Veterans Helping Veterans: EY Network Streamlines Transition to Corporate World
by Terri Eyden on
Another challenge for military hires, Babington said, is learning the language of corporate America. Military jargon is deeply ingrained in veterans, and when they transition, one of things they need to do is "unlearn" military speak and learn the dialect of their new environment. Babington said "it's like learning a whole new language," but once one of his mentees begins to blend military jargon into industry lingo, it's also his most rewarding moment as a mentor.
That subtle clue, he said, is also the greatest indicator of the beginning of an authentic transition to the civilian workforce for veterans.
"When they're able to merge the language you can see they've made the connection. It's really a memorable turning point because at that point, you know you're getting the benefit of their full cognition," Babington said. "Until then, you see people who have potential, but now they can really take off. They're in command of what they're doing. They're able to make decisions. That's something only a veteran peer mentor would recognize."
McHugh said military members transitioning to the civilian workforce also often need advice adjusting to the tone, tenor, and temperament of leadership and teamwork in an office setting, assimilating the technical aspects of the job and the subtle nuances of working with clients.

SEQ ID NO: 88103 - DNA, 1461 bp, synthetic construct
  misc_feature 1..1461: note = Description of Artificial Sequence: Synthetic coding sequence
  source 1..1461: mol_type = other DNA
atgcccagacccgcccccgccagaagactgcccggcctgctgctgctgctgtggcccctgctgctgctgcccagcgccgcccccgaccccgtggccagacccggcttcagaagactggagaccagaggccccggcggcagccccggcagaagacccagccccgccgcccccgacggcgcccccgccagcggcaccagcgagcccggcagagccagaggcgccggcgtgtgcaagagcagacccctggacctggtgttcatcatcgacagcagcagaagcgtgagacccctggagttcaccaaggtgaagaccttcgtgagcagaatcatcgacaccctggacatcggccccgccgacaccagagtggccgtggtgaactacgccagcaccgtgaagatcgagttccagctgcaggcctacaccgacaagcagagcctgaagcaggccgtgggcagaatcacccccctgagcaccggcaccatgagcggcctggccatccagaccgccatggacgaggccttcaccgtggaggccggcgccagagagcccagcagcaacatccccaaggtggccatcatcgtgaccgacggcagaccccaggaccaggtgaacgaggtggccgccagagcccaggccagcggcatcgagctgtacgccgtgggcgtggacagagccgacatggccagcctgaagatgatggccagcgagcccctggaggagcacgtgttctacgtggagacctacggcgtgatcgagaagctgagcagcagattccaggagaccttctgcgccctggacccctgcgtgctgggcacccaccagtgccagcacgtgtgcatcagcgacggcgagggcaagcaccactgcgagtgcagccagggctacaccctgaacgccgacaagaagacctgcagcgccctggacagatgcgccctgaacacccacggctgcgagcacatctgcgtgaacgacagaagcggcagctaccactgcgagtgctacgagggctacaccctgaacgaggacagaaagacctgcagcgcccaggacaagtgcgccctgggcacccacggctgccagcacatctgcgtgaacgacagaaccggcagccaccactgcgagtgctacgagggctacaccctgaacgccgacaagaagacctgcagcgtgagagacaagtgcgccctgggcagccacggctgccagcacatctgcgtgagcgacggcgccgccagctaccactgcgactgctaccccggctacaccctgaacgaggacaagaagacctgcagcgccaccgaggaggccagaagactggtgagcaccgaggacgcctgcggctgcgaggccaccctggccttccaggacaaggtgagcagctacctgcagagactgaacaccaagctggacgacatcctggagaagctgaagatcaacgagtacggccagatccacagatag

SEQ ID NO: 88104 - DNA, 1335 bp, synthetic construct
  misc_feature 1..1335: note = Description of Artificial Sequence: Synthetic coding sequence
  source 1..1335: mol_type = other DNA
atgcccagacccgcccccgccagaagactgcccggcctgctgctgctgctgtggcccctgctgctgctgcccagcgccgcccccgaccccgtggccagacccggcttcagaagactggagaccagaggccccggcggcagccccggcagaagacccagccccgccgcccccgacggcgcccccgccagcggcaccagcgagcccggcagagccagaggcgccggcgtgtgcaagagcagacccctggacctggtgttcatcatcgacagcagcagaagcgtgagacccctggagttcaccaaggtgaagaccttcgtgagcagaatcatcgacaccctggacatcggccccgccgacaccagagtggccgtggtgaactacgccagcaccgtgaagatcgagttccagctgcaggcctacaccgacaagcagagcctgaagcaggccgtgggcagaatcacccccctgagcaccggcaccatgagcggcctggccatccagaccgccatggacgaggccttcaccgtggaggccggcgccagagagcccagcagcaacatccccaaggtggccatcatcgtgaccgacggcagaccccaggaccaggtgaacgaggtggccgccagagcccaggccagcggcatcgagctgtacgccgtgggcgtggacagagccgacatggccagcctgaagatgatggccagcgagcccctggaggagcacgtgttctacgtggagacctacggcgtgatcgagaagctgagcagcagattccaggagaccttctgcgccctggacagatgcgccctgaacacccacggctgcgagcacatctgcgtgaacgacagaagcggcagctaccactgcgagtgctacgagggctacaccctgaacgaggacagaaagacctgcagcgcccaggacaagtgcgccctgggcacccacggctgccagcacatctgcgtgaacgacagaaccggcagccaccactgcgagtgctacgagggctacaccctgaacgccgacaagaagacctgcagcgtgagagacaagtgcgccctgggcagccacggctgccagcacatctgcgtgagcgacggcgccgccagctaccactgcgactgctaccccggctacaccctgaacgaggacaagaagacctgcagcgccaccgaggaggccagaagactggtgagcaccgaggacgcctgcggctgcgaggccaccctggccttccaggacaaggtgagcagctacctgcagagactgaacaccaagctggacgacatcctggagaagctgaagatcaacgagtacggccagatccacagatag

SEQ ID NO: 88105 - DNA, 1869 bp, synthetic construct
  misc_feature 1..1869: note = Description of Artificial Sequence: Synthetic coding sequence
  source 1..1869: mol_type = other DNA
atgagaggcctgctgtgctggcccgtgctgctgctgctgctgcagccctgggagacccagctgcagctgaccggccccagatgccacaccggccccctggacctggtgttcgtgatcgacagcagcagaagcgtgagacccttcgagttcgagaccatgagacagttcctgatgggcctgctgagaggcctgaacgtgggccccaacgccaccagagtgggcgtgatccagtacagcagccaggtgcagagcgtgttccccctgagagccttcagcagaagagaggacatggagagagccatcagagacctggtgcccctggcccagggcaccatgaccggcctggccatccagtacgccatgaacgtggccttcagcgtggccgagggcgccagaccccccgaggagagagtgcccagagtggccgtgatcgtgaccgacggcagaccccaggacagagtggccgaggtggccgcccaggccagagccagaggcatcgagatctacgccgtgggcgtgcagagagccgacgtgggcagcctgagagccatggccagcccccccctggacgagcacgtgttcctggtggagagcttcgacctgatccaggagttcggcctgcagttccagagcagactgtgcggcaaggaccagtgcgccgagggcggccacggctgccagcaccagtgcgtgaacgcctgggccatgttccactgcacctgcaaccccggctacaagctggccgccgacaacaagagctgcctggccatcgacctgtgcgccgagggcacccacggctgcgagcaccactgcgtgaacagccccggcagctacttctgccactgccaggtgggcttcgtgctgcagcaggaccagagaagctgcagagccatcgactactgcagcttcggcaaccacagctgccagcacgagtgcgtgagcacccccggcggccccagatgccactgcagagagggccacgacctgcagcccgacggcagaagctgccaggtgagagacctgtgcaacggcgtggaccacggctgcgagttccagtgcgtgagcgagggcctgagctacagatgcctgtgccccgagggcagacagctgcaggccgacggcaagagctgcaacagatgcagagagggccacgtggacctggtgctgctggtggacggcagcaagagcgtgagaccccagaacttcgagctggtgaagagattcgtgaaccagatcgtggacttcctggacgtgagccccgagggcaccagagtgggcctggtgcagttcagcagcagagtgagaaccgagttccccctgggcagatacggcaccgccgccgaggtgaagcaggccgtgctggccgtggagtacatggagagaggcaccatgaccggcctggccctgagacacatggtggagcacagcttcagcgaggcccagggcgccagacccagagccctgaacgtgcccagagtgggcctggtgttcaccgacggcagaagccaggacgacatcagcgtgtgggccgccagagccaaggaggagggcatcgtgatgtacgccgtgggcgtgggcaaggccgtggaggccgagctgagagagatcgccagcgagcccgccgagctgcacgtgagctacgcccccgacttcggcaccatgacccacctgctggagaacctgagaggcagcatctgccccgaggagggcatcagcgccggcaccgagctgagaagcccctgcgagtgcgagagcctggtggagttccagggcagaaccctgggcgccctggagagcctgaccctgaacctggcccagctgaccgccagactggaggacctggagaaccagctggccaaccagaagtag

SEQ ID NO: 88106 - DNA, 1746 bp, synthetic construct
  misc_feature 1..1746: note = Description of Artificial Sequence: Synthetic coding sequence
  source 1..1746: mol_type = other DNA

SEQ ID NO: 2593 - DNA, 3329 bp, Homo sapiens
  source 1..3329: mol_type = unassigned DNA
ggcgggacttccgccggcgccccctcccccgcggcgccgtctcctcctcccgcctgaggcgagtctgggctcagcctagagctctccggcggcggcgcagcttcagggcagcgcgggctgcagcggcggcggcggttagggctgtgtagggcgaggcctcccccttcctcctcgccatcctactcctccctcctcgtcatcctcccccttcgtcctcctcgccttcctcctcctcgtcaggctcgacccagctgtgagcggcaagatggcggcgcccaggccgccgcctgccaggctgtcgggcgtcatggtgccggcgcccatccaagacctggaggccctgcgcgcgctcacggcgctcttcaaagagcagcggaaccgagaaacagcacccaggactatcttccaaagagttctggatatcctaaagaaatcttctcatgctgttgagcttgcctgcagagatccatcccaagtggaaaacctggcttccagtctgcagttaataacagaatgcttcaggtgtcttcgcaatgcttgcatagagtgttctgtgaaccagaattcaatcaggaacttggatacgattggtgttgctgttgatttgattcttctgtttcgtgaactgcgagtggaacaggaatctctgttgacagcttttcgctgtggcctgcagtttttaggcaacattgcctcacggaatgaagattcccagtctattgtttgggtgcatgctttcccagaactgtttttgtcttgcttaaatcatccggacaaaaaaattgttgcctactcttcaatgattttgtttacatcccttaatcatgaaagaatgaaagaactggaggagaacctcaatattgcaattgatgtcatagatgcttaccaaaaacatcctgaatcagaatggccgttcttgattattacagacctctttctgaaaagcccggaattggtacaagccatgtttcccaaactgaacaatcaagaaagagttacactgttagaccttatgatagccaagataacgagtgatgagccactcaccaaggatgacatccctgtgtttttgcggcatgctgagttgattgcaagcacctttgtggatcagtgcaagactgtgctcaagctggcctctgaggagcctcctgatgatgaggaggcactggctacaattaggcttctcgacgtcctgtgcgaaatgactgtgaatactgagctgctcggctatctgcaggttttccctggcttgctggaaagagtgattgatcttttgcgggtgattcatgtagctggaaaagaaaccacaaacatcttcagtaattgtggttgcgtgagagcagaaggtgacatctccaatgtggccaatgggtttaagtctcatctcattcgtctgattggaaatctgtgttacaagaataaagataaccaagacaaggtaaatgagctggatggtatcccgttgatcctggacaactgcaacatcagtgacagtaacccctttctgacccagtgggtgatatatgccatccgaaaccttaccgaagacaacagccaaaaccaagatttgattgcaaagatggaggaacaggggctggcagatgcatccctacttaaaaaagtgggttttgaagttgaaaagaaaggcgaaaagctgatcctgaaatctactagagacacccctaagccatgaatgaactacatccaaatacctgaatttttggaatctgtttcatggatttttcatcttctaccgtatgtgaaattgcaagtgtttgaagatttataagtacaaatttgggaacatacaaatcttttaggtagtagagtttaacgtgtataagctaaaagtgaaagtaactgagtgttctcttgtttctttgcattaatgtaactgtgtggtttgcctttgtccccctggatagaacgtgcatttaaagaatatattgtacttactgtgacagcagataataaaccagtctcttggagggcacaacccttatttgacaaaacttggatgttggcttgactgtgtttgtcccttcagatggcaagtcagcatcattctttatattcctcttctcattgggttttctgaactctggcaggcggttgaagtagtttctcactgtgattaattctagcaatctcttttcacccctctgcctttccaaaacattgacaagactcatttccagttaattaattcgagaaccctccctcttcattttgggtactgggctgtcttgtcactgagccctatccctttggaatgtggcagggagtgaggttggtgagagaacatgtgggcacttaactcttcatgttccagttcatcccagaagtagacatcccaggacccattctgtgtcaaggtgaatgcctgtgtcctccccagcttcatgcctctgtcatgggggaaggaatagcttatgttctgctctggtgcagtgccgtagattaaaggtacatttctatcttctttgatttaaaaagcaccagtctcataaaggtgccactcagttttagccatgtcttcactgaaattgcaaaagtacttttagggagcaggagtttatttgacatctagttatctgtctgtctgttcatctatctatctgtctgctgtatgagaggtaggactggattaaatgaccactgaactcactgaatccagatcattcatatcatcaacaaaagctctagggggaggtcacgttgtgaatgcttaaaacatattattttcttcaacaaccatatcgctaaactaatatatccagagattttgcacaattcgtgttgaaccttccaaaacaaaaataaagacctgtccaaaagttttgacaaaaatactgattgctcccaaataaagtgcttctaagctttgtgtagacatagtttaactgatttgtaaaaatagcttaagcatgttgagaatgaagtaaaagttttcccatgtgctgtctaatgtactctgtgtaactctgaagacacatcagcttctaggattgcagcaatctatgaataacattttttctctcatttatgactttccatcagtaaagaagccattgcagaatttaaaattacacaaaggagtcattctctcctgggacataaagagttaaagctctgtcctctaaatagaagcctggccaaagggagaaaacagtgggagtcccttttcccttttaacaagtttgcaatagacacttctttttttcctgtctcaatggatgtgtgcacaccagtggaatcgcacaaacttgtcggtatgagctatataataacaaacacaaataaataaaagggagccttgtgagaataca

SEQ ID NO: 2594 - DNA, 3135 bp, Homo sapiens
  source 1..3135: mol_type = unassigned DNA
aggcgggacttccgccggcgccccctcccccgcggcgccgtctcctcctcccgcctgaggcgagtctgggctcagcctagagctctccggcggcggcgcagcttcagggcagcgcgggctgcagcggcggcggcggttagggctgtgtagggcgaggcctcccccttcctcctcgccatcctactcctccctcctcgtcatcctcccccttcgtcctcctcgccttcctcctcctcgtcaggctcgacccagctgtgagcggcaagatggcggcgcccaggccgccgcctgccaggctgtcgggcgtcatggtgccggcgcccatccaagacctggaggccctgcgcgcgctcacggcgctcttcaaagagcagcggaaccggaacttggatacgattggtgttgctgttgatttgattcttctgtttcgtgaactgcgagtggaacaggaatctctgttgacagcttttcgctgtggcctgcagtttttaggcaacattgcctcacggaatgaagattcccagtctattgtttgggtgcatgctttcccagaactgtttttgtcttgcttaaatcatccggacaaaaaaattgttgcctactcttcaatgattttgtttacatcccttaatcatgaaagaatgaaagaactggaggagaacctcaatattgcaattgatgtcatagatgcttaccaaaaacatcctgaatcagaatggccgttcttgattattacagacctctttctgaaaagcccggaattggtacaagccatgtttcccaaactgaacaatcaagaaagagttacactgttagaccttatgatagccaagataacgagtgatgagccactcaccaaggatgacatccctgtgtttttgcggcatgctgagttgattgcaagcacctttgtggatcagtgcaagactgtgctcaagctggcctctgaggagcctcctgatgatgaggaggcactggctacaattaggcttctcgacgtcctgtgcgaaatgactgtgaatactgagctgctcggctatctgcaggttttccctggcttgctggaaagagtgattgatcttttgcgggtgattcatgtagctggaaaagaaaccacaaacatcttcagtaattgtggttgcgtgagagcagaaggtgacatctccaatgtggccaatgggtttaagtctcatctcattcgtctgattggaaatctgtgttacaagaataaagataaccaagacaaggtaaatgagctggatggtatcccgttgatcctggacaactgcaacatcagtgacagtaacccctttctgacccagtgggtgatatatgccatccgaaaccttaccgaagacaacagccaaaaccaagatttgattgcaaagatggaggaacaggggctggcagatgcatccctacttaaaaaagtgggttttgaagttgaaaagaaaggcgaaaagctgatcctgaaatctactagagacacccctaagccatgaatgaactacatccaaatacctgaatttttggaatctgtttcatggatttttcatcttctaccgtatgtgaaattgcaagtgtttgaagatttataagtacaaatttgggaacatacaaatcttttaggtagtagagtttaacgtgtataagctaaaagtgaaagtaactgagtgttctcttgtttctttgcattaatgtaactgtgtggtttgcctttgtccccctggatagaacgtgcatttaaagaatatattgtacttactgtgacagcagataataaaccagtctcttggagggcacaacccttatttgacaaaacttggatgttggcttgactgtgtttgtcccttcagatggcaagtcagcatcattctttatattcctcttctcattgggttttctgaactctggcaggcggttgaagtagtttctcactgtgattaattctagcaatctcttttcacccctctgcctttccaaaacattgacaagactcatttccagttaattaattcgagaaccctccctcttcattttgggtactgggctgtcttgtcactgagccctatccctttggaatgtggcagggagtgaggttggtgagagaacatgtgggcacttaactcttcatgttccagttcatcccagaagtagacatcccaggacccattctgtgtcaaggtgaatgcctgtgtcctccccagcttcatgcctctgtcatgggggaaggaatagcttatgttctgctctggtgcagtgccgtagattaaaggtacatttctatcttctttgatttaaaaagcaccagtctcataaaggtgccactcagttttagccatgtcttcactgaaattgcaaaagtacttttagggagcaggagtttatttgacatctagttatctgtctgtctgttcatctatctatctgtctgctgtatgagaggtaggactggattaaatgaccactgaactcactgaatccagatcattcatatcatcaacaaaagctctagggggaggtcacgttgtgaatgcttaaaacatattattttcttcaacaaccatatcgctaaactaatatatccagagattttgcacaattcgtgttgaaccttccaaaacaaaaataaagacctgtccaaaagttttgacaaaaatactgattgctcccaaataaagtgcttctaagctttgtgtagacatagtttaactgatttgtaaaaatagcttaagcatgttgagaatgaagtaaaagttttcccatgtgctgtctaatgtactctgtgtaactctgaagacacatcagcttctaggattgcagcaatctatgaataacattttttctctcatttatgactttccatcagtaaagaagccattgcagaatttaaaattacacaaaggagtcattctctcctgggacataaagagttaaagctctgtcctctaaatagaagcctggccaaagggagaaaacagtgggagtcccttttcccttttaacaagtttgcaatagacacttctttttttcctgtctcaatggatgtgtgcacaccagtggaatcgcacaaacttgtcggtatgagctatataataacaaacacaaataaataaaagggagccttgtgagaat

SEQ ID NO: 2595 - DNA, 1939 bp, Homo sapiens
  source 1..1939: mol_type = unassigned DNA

"From veteran to veteran, we can say we know this is done differently, but this is why it's done differently and why it's positive," McHugh said.
Peer mentors can also help new military hires and their families adjust to the "everyday ground readiness," as Babington says, of life in a new state or city. Tips on taking the subway or finding the best playgrounds and grocery stores in the neighborhood make every family feel at home.
The Long-Term Payoff
Ultimately, both McHugh and Babington say, the Veterans Peer Mentoring program is an incredible asset to EY, because it helps smooth, streamline, and accelerate the journey to an invaluable payoff.
Because of the Veterans Network and the mentoring program, EY is able to hire veterans who are able to fully integrate the technical skills and unsurpassed leadership abilities they developed in the military for the good of their team, their clients, their organization, and themselves.
It allows EY to access a deep and wide talent pool that can bring a unique set of skills to clients.
"The commonality with all my top performers is that they are all former military people," Babington said. "I think from a management perspective, it's important to understand that it might take someone from the Navy or the Marines longer to adjust to your organization's culture, but helping them do that is a long-term investment that will definitely pay off in the end."